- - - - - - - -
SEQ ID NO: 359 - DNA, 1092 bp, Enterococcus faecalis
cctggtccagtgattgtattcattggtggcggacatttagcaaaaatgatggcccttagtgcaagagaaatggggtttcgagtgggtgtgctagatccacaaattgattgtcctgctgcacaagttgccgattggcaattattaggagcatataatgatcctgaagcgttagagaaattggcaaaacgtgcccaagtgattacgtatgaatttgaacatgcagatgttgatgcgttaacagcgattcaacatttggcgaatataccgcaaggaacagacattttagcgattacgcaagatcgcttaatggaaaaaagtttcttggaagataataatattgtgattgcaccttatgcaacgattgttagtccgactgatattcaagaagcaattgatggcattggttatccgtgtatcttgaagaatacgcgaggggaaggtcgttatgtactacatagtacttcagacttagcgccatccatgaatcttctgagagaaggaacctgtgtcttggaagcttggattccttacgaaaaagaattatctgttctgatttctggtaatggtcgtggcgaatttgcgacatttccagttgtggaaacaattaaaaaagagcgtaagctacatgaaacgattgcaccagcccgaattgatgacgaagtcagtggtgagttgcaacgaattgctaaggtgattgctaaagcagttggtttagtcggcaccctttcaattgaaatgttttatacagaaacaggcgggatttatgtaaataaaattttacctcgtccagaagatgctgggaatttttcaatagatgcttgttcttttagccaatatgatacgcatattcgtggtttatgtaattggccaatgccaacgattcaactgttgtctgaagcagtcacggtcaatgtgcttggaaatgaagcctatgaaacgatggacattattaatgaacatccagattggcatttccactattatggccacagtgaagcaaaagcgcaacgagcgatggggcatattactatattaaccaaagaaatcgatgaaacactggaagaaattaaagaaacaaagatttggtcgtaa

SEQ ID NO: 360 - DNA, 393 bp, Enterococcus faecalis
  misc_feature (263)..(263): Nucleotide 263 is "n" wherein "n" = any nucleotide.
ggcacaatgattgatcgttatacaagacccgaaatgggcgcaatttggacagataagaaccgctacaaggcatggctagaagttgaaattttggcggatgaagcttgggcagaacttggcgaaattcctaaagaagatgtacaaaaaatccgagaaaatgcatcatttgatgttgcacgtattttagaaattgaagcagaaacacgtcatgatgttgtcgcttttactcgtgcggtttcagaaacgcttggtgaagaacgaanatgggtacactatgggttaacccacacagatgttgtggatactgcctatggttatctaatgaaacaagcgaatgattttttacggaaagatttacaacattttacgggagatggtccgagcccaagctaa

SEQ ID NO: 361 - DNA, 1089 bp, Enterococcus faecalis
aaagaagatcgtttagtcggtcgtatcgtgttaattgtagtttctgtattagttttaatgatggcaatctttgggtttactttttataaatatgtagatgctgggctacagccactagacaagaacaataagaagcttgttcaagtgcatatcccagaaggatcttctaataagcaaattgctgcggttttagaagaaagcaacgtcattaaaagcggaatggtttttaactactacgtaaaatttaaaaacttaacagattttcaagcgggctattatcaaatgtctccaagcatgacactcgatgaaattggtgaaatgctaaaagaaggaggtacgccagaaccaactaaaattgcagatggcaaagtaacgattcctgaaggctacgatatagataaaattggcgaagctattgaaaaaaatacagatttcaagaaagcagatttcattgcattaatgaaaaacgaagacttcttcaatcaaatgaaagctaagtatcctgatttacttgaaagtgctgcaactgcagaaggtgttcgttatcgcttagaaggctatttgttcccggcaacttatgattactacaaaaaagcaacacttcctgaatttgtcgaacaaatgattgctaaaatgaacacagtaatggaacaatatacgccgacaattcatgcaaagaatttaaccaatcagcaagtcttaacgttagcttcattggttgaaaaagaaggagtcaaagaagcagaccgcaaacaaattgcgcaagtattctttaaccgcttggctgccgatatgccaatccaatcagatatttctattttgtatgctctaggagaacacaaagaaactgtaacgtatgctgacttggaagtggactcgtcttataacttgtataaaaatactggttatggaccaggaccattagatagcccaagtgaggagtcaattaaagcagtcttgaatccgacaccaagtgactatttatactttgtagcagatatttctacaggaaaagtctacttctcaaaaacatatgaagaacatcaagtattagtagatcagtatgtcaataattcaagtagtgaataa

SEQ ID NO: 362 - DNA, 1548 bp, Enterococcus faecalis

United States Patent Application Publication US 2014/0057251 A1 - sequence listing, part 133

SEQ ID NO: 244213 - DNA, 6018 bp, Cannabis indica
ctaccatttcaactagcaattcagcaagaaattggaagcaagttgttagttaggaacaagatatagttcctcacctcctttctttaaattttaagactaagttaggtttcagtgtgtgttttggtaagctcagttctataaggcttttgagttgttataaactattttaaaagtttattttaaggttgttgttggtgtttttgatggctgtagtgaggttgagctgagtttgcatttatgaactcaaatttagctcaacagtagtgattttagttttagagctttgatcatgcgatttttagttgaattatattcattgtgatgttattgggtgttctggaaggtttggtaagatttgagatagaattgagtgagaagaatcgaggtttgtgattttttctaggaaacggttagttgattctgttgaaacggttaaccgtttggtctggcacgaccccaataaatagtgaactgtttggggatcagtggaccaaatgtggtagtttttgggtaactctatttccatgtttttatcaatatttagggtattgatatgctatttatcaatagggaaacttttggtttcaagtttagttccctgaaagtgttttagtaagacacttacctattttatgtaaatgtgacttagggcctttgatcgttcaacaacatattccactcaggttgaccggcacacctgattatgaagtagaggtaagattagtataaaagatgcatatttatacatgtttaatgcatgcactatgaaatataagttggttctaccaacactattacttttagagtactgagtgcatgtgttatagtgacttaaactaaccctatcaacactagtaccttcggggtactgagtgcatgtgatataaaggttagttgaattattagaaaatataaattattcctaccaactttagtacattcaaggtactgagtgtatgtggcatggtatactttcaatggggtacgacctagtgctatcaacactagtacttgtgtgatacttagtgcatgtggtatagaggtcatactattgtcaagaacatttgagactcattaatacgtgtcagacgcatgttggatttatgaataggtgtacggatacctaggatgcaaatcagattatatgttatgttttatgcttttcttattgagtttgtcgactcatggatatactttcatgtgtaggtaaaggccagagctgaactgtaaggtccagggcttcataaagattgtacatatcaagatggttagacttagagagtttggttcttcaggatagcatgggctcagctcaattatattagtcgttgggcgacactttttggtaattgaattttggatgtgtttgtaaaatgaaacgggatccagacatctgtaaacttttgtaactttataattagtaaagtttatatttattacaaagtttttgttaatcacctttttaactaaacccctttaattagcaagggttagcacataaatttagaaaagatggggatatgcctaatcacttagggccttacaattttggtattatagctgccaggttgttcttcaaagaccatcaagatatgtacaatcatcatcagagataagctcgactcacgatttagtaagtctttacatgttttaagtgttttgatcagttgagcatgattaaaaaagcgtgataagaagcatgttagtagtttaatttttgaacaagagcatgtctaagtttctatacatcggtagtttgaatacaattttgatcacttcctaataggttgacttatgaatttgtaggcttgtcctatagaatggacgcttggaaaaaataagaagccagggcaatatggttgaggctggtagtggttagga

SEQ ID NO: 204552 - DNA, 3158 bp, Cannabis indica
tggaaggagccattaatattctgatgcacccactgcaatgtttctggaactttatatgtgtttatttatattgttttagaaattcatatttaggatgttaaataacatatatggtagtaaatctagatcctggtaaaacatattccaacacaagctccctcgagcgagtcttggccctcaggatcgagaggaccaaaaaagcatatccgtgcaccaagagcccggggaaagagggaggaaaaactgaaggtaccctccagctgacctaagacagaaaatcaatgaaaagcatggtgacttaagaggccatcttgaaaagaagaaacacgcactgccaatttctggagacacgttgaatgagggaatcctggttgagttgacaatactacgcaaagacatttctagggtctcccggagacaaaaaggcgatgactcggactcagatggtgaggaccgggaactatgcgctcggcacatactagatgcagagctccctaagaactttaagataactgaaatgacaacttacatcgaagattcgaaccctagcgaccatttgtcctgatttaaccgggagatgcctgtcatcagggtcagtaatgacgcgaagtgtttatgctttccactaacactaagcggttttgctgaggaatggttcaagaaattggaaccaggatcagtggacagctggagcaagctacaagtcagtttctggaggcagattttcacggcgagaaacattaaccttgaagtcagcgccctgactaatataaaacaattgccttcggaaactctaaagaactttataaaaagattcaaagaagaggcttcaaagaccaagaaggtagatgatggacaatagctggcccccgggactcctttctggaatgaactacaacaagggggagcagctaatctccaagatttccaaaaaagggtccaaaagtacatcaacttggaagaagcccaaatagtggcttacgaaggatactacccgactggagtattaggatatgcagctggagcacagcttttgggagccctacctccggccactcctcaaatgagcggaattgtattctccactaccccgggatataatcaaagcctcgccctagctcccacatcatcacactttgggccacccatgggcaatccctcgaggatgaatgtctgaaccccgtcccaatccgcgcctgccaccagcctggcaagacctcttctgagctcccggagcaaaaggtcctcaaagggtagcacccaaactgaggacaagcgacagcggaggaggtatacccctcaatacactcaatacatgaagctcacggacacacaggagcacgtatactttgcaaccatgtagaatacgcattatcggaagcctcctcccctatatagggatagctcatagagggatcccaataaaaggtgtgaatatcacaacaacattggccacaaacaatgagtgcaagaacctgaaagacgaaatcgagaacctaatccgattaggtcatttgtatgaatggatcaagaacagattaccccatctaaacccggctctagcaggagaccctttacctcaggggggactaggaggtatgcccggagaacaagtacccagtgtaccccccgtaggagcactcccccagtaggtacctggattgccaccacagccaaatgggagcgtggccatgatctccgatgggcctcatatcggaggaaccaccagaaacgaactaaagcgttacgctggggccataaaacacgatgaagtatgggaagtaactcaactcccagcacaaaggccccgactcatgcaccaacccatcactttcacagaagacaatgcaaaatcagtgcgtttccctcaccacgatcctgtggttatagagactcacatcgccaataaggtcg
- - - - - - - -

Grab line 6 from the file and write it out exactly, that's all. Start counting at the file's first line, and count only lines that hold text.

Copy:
SEQ ID NO: 361 - DNA, 1089 bp, Enterococcus faecalis